In 1901 he still resided at The Hall, Hawksworth, Wharfedale as a Stuff Merchant, but only with Coralie and Olive, plus two visitors: Gertrude Barrett 21 from Manchester and Annie Barrett 17 from Liverpool (both single). They had 6 Servants: Cook, 4 Housemaids and a Kitchen Maid. So, what happened? James wife Emily and their children James, Elsie, William and Ralph could not be found. But Margaret was a visitor at Highfield, Clarence Drive, Harrogate to John Taylor, a retired Solicitor living on his own means and his daughter Alice; and Malcolm was a Scholar at Streete Court boarding school, at Westgate-on-Sea (near Margate), Kent. However, James Duncan Law appeared when he married Hilda Marion Green Jan-Mar 1908 in Luton, Bedfordshire. And in 1911 James Duncan Law was a Stuff Merchant and Employer/Company Director at Fairfax Hall of 10 rooms at Menston (near Otley), Leeds, Yorkshire, with his wife Hilda Marion Law and daughters Susannah Marion Duncan Law b. 1909 at Menston and Mary Duncan Law b. 1911 (at 5 weeks old) also in Menston. They had 4 Domestic Servants: Cook, Housemaid, Nurse and a Hospital (Monthly) Nurse.


In June 1904 Duncan Law was appointed onto the Committee of inquiry as to why some classes of dress goods imported from abroad (France) are not successfully produced in Bradford. He was re-elected in February 1906.
On the 2 July 1904 he was elected onto the Commission of the Peace for the City of Bradford.

On the 13 September 1904 he had an accident; he could not attend the annual soiree at the Bradford Mechanic’s Institute on the 29th to distribute the prizes.


His eldest daughter Elsie Millicent Law married the Rev. Adam William Ross (b. Apr-Jun 1859 in Liverpool, Lancashire) Jul-Sep 1908 in Wharfedale.
On the 21 July 1909 Duncan Law was Chairman of the meeting of the Bradford Chamber of Commerce to hear the results of the ballot on the various resolutions dealing with preferential trade and Free Trade. Passed by a very slim majority.

On 24 November 1909, as Chairman of the Governors of the Bradford Girls Grammar School, Duncan Law was presenting certificates to the students. With regard to Oxford and Cambridge certificates they stood at the head of the list for the whole of England. The Boys’ Grammar School stood second to Rugby. Bradford could not do much better than that!


In 1909 Olive Gwendoline Law was in the draw for the qualifying round of the Golf Challenge Bowl of the Yorkshire Ladies County Club. [Can’t be certain, but she could have married Arthur J Hicks Jul-Sep 1927 in Sculcoates near Hull. There was this marriage, but they don’t seem to appear in the records since.]

In 1911 Duncan Law was still at Hawksworth Hall with just 1 male and 6 females. [In 1901 he had 6 female servants, so one might assume that these 6 females were the same as in 1901] Oddly though, also in 1911 at Hawksworth Hall (now of 21 rooms!) were Coralie Ava Law (32), Malcolm Colin McGregor Law (21), Stuff Merchant, and William Kenneth Law (20), Clerk to an Accountant (all 3 single) with 5 servants: 4 housemaids and a Kitchen Maid! At this time, Ralph Arnold Law was a 19-year-old Schoolboy at Aldenham School, Elstree, Watford, Hertfordshire, a boy’s school for 188 pupils from 13 to 19 years of age arranged in ‘houses’ (e.g., Mrs. Beeton’s house) run by the Headmaster Alfred Cooke. To maintain such premises there were Matrons, Maids, Cooks, Clerks, a Coachman, Caretakers and of course Schoolmasters.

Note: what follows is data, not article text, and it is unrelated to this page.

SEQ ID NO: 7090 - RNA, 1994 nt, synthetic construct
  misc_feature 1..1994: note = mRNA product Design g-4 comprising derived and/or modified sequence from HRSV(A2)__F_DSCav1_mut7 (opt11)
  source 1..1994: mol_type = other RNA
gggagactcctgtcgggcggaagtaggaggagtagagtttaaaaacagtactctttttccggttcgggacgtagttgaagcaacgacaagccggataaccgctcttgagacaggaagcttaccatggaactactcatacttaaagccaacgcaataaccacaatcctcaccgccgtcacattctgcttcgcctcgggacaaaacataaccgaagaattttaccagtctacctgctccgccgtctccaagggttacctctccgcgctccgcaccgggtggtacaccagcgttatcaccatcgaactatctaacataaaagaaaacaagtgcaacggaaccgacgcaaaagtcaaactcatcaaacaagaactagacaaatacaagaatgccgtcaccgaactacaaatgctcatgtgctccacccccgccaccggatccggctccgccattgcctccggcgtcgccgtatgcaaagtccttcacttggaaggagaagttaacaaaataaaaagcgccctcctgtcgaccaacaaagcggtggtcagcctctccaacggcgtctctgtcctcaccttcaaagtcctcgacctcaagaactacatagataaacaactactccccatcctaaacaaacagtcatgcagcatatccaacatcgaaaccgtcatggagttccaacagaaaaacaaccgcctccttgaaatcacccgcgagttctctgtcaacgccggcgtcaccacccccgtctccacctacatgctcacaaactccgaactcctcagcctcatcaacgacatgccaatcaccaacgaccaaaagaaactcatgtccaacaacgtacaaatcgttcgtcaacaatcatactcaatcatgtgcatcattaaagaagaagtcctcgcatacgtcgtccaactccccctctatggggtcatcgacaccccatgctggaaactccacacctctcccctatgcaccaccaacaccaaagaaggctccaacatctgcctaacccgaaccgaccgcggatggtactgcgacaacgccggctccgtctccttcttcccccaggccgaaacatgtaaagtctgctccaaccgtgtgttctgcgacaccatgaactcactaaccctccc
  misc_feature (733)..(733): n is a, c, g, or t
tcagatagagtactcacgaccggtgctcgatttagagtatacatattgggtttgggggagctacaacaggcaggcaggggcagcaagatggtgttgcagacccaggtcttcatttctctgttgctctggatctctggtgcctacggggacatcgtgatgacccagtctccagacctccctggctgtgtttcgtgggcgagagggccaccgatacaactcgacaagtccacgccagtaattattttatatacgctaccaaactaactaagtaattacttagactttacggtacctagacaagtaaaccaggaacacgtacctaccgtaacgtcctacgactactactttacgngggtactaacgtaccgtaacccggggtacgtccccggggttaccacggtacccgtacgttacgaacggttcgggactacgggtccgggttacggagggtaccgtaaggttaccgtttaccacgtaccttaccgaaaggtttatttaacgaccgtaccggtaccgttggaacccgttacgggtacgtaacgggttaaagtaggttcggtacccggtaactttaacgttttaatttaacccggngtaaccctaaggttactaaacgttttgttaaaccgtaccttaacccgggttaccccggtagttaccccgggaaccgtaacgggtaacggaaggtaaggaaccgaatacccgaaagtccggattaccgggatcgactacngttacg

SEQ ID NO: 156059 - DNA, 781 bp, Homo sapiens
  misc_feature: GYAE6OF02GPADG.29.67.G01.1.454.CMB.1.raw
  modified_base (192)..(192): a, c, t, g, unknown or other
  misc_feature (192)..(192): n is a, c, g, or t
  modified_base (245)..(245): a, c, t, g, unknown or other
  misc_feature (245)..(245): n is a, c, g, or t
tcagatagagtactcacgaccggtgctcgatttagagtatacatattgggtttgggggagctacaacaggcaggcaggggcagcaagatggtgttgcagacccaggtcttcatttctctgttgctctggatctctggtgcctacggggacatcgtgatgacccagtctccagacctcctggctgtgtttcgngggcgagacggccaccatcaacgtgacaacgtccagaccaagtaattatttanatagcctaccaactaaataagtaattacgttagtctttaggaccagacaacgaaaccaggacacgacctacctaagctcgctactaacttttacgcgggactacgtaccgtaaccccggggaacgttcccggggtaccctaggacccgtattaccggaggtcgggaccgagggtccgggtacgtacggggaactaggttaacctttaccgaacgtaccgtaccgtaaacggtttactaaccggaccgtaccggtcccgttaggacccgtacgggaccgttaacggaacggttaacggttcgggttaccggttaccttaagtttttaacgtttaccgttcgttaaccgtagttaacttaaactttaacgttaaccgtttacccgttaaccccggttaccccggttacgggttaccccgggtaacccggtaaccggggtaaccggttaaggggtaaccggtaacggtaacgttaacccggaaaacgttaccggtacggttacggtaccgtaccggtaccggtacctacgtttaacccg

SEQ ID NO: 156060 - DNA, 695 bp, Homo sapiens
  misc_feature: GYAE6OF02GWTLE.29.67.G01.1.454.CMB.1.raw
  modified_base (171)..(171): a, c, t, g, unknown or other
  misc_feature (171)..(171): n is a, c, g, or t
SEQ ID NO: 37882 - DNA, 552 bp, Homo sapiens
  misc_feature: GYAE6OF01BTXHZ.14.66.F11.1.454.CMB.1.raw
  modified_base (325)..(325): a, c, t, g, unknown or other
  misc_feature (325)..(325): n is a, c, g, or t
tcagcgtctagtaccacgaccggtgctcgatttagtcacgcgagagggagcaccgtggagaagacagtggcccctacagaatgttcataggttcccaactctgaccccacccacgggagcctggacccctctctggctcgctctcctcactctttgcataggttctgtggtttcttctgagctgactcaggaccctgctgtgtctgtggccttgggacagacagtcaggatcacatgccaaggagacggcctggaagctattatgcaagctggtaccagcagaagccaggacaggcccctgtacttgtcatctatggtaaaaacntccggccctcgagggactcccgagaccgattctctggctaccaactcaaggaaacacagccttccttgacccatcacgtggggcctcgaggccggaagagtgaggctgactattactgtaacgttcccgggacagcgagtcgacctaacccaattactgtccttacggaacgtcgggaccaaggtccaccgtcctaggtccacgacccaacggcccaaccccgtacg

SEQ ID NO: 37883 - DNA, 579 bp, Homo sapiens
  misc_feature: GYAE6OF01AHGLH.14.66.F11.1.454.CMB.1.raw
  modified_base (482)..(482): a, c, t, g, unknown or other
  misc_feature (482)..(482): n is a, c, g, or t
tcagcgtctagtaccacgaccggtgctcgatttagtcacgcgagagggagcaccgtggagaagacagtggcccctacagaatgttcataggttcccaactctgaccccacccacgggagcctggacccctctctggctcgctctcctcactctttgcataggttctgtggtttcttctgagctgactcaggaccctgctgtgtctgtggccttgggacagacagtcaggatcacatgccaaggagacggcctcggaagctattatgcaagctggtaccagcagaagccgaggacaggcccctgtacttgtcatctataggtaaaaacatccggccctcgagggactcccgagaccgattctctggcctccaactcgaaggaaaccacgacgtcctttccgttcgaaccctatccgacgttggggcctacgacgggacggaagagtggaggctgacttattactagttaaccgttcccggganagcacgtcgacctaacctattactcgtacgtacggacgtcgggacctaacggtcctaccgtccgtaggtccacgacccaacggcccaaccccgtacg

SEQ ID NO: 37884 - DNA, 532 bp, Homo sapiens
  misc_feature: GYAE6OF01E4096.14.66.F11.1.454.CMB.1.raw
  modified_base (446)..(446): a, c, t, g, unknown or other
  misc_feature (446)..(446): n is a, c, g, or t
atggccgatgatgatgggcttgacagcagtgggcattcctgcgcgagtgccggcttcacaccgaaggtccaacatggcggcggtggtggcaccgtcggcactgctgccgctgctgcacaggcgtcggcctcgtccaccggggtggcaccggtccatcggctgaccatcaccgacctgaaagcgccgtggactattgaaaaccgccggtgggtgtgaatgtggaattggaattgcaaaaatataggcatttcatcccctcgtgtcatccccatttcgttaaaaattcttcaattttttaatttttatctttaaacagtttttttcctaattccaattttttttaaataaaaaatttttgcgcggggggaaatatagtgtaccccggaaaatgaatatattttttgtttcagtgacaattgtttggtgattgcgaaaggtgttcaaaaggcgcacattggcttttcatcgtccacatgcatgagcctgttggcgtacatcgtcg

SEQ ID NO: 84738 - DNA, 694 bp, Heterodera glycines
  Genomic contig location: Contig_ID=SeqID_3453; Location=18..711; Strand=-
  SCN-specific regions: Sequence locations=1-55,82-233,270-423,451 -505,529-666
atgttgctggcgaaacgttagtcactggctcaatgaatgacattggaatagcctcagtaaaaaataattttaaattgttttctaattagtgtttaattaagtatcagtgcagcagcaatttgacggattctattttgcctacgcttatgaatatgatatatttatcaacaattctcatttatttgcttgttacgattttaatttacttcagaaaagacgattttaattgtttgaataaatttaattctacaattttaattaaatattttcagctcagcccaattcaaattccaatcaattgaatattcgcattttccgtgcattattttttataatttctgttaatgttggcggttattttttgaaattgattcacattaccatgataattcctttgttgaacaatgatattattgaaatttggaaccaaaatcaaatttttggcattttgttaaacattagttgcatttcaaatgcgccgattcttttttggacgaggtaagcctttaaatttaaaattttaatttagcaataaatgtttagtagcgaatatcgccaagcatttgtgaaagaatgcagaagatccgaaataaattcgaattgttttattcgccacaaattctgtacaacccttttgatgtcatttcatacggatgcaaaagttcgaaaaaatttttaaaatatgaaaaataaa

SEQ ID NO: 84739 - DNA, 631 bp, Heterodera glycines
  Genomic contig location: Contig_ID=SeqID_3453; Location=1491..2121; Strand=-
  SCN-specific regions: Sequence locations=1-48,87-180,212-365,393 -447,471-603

William Kenneth Law married Sarah A Brayshaw Oct-Dec 1913 in Wharfedale.

Malcolm Colin McGregor Law, a Lieutenant & Adjutant in the 6th Duke of Wellington’s Regiment, was killed in action in late December 1915. Captain William Kenneth Law of the 2nd-6th Duke of Wellington’s and Lieutenant Ralph Arnold Law of the 6th Yorkshires were badly wounded and each lost a leg in WW1, Ralph in September 1916.


Ralph Arnold Law married Katherine H Woodman Oct-Dec 1918 at St. George Hanover Square, London.


In 1919 Coralie Ava Law was a Trades Union member with the National Union of Railways as a Laundress age 42.


At 2 am on 22 April 1920 Duncan Law passed away at Hawksworth Hall, Guiseley aged 71 when his heart trouble became more acute. He left a widow, Emily Law, the daughter of William Laycock and Susan née Wilkinson of Keighley and Bolton Park, Skipton-in-Craven; son James Duncan Law the Belgian Consul at Bradford; and eldest daughter Miss Margaret Law, well known in the City for the active interest taken in educational and war-time work.

In 1920 Coralie Ava and Margaret Constance Duncan were living at 2 North Parade, Bradford with Hawksworth Hall as their abode. In 1921 they were at 2 Parkfield Road, Bolton, Bradford in two unfurnished rooms still with Hawksworth Hall as their abode. This continued until 1924 when just Coralie was there, with Thornfield, Keighley Road was her abode.
In 1925 William Kenneth Law was a GWR Shareholder along with Gustavus J J Hoffman and William Earnest Tetley of Ickleton Lodge, Ickleton, Duxford, Cambridgeshire, Solicitor, who had just died on 19 July 1925. The £1240 of shares were transferred on 14 August to Gustav J J Hoffman of Rookwood, Manningham, Bradford and William Kenneth Law, Stuff Merchant, of Wharfemead, Ilkley and returned to Wade Tetley Wade Co. of 8 Piccadilly, Bradford.